Greenhouse Gas Emissions & Water Pollution
In doing so, we derive profit from converting Carbon Dioxide and Wastewater
into valuable commodities.
Greenskill innovate robust and scalable industrial biological technologies employing microalgae that economically convert polluting gases and wastewater into high value chemicals, using sustainable energy sources.
We have worked in microalgal biotechnology and sustainable engineering for nearly 40 years, deploying the UK’s first microalgae based sewage treatment process in 1992 and the World’s first Carbon Capture Microalgal Biorefinery in 2008.
Our mission is to pioneer engineered biotechnological solutions which will reduce greenhouse gas emissions, prevent the pollution of aquatic environments, cut our reliance on fossil-fuel based products, and instead produce replacement alternatives economically, cleanly, carbon negatively and sustainably.
Approximately 1 billion years ago, microalgal photosynthesis evolved and converted Earth’s atmosphere from a high to a low CO2 World.
Earth’s atmosphere today is very different from its prehistoric antecedents a billion years ago, when volcanoes formed the first atmosphere by spewing water vapour, sulphur dioxide, nitrogen, and carbon dioxide into the air.
Primitive photosynthesis by microalgae consumed the carbon dioxide, cooled the planet (Global Cooling) and created the oxygen rich atmosphere that allows the rich biodiversity to exist today.
Concurrently, they also cleaned our oceans and terrestrial aquatic habitats by consuming the vast array of metals and organic chemicals present in the ‘Primordial Soup’
The by-product of early photosynthesis were fossil fuels which we burn today, causing the reversal of Global Cooling, Global Warming!
Microalgae therefore have the best track record of any potential solution for climate change mitigation and pollution prevention, and the Greenskill team has figured out how to turn back the clock and use microalgae to combat both Global Warming and Aquatic Pollution.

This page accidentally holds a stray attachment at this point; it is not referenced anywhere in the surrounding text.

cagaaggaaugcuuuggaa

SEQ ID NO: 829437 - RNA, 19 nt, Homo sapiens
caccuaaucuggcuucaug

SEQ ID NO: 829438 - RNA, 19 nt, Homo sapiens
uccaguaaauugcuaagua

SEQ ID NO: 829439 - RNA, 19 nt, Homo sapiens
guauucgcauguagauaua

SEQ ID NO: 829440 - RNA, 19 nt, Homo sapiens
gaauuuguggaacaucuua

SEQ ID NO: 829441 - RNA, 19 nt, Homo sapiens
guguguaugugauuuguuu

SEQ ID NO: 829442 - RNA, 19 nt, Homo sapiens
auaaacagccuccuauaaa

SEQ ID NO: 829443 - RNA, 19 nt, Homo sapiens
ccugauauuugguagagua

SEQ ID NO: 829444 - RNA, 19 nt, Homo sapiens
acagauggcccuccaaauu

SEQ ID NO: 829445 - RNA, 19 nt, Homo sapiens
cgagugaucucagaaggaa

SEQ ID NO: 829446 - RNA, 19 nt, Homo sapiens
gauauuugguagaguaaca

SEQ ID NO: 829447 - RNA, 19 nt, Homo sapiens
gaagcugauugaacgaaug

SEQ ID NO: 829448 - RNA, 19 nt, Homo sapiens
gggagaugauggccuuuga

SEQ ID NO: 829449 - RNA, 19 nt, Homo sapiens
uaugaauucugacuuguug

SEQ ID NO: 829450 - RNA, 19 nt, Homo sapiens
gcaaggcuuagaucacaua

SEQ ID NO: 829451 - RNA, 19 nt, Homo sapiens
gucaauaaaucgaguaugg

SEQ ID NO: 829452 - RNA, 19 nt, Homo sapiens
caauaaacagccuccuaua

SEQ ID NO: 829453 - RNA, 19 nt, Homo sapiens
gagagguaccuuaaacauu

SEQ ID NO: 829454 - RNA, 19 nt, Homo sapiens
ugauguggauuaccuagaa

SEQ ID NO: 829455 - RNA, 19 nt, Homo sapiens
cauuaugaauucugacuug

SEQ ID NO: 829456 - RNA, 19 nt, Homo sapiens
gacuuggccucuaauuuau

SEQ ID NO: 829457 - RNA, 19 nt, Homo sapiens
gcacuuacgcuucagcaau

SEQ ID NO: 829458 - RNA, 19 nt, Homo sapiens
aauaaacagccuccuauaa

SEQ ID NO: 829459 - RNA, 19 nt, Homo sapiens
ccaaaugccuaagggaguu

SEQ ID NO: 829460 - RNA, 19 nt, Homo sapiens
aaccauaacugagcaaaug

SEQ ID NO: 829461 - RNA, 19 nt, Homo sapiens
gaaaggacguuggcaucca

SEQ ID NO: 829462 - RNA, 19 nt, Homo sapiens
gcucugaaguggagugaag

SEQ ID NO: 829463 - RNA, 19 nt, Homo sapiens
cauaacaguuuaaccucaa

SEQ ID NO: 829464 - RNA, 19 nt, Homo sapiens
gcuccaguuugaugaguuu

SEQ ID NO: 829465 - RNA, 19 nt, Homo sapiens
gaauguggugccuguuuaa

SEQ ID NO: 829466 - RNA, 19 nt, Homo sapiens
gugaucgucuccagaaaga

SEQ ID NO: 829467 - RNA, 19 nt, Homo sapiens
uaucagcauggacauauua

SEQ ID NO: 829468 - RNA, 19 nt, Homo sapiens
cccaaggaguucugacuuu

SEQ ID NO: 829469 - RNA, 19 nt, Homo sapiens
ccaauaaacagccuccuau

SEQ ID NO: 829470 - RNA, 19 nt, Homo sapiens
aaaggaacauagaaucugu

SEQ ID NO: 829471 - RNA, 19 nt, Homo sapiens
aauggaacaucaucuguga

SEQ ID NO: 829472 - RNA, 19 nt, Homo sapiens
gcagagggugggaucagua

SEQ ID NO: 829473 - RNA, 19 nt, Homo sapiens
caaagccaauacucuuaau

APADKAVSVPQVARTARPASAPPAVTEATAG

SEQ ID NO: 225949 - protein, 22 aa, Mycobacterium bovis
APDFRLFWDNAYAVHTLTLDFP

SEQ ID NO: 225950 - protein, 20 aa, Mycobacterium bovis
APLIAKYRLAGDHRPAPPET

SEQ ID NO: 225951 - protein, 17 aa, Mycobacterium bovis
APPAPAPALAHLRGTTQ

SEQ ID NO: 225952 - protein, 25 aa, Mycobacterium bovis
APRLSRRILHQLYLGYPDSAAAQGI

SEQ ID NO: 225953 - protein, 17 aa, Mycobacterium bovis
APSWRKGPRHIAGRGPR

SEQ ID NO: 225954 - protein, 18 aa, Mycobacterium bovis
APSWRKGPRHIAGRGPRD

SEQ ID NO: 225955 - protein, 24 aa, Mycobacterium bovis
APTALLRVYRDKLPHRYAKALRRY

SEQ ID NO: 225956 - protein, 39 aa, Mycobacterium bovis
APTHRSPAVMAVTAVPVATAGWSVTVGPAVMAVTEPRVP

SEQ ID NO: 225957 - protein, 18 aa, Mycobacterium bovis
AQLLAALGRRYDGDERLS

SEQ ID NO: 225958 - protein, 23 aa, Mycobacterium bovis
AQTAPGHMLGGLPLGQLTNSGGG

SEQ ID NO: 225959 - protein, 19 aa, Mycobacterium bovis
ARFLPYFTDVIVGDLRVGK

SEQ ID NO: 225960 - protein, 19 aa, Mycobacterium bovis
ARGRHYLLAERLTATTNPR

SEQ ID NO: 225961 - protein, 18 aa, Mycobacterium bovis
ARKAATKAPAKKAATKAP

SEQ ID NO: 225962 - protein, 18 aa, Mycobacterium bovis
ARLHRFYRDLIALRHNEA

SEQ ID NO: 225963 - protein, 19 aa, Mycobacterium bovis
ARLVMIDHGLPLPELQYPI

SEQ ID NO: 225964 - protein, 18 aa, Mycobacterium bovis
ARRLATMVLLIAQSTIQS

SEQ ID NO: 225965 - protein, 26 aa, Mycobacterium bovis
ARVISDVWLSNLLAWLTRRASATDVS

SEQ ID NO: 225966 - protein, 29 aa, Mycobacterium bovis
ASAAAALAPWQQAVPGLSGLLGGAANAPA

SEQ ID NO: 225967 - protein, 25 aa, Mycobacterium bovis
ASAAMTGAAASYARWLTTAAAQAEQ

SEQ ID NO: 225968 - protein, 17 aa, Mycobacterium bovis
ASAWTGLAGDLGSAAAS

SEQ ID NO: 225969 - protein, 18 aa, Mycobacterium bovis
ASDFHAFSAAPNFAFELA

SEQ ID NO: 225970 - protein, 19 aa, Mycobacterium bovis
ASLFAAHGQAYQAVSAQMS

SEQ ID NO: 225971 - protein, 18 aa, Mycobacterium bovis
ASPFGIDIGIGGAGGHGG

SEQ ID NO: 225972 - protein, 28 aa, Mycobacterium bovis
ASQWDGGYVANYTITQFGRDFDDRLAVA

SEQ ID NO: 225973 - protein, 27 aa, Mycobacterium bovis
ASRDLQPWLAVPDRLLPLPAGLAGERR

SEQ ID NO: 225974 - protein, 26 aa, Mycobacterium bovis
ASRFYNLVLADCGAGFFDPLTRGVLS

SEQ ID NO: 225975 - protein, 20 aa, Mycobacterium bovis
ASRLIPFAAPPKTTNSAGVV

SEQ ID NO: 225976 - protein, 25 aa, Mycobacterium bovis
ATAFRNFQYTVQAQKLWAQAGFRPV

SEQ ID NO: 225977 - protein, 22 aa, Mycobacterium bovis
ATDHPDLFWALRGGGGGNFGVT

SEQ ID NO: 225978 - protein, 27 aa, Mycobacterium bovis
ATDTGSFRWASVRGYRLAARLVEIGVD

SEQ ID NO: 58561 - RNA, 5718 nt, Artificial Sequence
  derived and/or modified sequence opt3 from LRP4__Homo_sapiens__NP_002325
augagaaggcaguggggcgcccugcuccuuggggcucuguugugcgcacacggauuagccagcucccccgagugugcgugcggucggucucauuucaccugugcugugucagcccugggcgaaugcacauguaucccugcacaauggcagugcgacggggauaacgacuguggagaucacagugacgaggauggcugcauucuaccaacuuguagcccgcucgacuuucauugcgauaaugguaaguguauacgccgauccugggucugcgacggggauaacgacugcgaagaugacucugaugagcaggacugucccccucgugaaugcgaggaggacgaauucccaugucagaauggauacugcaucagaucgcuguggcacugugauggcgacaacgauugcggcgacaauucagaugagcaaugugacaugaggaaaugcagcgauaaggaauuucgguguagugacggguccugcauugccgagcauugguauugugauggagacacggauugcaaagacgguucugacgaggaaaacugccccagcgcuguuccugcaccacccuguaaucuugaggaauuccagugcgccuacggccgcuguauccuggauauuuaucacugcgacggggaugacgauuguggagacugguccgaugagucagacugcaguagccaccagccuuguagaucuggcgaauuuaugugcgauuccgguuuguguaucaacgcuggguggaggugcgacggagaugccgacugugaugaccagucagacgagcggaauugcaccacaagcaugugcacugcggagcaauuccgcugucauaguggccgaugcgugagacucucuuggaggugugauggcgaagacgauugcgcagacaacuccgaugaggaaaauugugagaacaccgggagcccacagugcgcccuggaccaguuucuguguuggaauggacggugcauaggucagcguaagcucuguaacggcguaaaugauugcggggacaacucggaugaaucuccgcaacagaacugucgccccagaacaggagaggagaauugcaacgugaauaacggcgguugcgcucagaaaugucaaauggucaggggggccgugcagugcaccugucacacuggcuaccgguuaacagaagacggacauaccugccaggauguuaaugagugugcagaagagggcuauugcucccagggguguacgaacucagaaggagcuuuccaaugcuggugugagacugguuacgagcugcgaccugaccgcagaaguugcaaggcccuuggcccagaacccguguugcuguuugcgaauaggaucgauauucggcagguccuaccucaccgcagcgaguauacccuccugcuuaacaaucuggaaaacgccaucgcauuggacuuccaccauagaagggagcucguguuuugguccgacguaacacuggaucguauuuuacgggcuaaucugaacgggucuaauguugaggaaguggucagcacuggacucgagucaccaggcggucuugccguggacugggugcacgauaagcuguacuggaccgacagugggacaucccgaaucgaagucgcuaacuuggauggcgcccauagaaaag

Microalgae farming is not new. For hundreds of years the Chinese, Indigenous Americans and Africans have been cultivating microalgae for food and medicine.
After World War II (WWII), there was the growing fear of a ‘Malthusian
catastrophe,’ or a major food shortage caused by the exponential growth of the human population, so many countries began to devote research efforts to identify ways to increase agricultural productive. This was the beginning of the Green Revolution.
Furthermore, with the increasing threat of nuclear war after the end of WWII, the US and USSR began a nuclear arms race. During this conflict, the need for methods to sustain humans in controlled environments, like nuclear submarines and space capsules became awkward engineering challenges. Microalgae showed the potential to close the loop for these life-support systems.
Experiments into the mass cultivation of microalgae began in the late 1940’s and
quickly publicised microalgae as the food source that could end world hunger and support the ever growing population. Early experiments confirmed the benefits of microalgae over traditional crops: fast growth rate, high protein content, and the ability to use non-arable resources for growth.
Commercial large-scale culture of microalgae commenced in the early 1960's in Japan with the culture of Chlorella followed in the early 1970's with the establishment of a Spirulina harvesting and culturing facility in Lake Texcoco, Mexico by Sosa Texcoco S.A.